If you'd like to buy a copy, and who wouldn't want something that lovely, eh, you can do so here. They even have a couple of sample pdfs that you can try before you buy.
Enough of the pimpery. The weather here has been absolutely delightful, am about to go out in it and enjoy the sunset: something my Day Boy would have dreaded.
Friday, May 09, 2008
Sometimes the publishing gods look down and smile.
Wednesday, May 07, 2008
Just finished a really excellent Coopers Best Extra Stout, which does make the old Hahn Super Dry I am currently sipping on seem rather lacking, but when you tend to only buy a couple of beers at the bottleshop what can you do?
There's a rather nice review of my oddly autobiographical story "When I was thirteen I ate my City" over here.
My favourite bit of the review is this:
It might make even the old at heart decide to go on a rampage and devour a city themselves. Unfortunately, the city of Brisbane has already been consumed by the boy in the tale.
But there's plenty of other city's out there. So give it a go.
I don't know if I would have ever written this story but for Rob Hood. While I never submitted it to Daikaiju, I'm sure that's what planted the idea in my head.
Just this morning, I was tapping away on my kid's book (you know the grant one) across the road from where Diana was seeing her doctor, and I realized that I sold my first story 14 years ago almost to the day.
Now that was my first sale. It was to Eidolon, and that sale took me about four years to make. Which means that I've been writing with the intent of publication for 18 years. That's a "career" which has almost spanned two decades.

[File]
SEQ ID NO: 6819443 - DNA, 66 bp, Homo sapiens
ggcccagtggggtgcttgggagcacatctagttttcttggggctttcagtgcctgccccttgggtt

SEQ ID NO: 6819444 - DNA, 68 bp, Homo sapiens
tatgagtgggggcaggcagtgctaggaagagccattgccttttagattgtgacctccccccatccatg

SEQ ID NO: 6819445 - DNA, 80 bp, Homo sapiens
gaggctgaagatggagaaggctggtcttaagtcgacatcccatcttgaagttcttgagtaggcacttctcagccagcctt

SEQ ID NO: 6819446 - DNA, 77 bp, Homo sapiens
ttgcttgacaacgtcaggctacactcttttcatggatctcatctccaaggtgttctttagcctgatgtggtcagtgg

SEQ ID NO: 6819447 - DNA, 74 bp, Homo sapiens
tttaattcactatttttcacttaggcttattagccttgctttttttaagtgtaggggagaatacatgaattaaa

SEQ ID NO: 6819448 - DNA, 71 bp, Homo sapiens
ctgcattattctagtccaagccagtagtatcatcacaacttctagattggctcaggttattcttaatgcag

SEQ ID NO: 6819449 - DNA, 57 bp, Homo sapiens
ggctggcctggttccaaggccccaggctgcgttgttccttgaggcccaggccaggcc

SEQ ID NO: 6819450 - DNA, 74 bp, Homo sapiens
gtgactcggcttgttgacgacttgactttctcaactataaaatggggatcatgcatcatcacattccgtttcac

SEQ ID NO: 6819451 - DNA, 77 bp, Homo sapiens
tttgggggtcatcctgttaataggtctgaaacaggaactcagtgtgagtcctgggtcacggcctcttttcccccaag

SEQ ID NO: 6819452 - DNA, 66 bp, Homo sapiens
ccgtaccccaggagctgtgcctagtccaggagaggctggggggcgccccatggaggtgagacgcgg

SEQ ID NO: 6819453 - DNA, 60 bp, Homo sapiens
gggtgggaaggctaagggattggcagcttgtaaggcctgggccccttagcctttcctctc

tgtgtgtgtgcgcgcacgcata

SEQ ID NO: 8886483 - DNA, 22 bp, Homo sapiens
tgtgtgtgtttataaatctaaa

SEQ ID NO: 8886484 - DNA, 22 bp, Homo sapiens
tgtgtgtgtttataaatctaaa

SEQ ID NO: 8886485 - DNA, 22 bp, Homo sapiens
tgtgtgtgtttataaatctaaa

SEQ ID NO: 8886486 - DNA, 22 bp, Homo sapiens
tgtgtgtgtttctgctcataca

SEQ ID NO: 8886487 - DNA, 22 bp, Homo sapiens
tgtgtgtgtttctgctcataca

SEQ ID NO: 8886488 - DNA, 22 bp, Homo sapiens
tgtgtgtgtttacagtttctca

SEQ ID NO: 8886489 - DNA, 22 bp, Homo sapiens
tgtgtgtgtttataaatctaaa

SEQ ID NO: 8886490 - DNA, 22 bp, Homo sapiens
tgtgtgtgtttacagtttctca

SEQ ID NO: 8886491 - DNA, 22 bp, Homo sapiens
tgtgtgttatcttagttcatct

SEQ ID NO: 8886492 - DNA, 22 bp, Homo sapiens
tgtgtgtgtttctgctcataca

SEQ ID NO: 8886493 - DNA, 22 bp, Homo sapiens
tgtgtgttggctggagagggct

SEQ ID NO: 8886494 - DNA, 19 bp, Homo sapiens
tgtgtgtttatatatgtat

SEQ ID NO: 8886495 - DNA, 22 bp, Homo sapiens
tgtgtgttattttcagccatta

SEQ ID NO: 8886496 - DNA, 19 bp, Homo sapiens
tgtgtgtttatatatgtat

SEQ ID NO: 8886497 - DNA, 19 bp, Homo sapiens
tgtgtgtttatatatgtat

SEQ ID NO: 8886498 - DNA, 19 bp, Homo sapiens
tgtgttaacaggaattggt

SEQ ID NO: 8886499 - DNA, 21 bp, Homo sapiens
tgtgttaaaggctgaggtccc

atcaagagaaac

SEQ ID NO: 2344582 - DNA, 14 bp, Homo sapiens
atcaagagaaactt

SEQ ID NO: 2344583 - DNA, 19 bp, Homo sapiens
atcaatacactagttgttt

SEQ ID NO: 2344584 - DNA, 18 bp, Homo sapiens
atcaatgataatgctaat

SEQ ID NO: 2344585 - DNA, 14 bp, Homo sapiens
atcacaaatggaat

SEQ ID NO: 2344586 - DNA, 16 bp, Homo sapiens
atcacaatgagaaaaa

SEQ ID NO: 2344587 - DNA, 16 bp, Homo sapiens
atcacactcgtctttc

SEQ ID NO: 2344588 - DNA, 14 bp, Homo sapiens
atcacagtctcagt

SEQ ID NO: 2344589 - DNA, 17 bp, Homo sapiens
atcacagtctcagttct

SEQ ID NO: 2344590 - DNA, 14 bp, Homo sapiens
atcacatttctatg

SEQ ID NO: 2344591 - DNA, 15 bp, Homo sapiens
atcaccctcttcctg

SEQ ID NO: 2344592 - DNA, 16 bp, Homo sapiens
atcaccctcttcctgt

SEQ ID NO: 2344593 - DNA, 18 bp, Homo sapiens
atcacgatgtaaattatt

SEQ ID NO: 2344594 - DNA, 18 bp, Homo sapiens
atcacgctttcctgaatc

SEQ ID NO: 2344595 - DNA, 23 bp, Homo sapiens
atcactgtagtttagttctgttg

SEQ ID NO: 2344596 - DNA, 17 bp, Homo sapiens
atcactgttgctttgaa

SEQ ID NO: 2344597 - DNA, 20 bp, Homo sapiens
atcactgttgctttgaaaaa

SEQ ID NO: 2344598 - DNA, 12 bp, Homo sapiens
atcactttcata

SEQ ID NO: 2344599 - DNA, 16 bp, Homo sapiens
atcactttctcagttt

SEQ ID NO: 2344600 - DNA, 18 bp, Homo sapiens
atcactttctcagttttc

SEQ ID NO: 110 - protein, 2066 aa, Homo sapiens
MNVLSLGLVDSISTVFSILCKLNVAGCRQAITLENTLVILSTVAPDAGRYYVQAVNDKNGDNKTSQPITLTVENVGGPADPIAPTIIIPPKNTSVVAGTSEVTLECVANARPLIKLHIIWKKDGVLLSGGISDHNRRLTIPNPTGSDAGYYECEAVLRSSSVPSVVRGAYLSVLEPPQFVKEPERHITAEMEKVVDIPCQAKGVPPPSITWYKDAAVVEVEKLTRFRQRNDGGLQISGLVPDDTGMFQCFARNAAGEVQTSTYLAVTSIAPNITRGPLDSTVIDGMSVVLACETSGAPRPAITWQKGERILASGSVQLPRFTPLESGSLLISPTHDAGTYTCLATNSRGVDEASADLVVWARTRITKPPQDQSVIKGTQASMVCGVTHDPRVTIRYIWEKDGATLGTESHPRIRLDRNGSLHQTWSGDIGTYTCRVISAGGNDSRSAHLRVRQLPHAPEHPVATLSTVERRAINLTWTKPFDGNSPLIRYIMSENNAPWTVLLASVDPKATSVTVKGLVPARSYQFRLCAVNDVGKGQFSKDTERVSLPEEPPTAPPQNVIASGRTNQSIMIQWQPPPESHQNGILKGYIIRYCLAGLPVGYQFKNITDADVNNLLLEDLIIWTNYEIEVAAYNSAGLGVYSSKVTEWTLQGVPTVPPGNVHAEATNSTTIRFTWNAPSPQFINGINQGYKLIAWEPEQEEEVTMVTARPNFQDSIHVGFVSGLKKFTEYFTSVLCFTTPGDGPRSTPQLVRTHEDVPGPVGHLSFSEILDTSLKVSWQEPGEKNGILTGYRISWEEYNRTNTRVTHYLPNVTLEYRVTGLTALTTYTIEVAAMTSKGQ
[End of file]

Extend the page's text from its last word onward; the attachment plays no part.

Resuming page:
Is it a successful career? Nah, and yup.
But more yup. For nearly two decades I've been writing short stories, enjoying the process, and selling the buggers. I've even put out a collection, won an award, and received a Grant from the Arts Council to write a book that I really, really wanted to write. Hell, I've even had fan mail. I've actually published enough short stories now that I've forgotten some of them, though the moment I read a line or two, I'm instantly back where I wrote the thing. Every story's a memory, be it the failed relationship that spawned Threnody, or the fear of losing my wife that's spawned, well, just about every story I've ever written since I fell in love with her.
I haven't been incredibly prolific, the short story count stands at around 70, and some of those are really short. I've made probably around 20k from the writing, most of which was last year, some of which was for writing on writing, and a few hundred taking a couple of tutes at QUT. Hardly a mighty income, but not bad for someone that most people have never heard of.
Of course I've had things fall through – and there's going to be more of them, and I'll cheerfully, tooth-grindingly announce them here. I still haven't managed to see a novel of mine in print. Oh, and I've failed, miserably and utterly at some projects. All of which have been, to a smaller or lesser degree, heartbreaking.
But, Christ, I've enjoyed it; the writing; the making things up; the unexpected places your brain can take you. That's all good.
And I'm still enjoying it. So, yup, successful “career”.
Friday, May 02, 2008
Wasn't much up to writing today, you know how it is: managed a couple of hours, then spent the bulk of my day, getting things ready to be sent off. Had a rejection yesterday that spurred me to action - also got me thinking about some of the weaknesses of my prose. You need those sorts of rejections every now and then (sure, you don't want them, but you need them).
Writing's all about choices and sometimes you need someone to ask you why you chose to do something a certain way. And then, you really don't want to have to answer, because I was being lazy. That's a bad answer.
Beginning the flood of shorts that are going to make me look mildly prolific, Day Boy should be available here, any day now.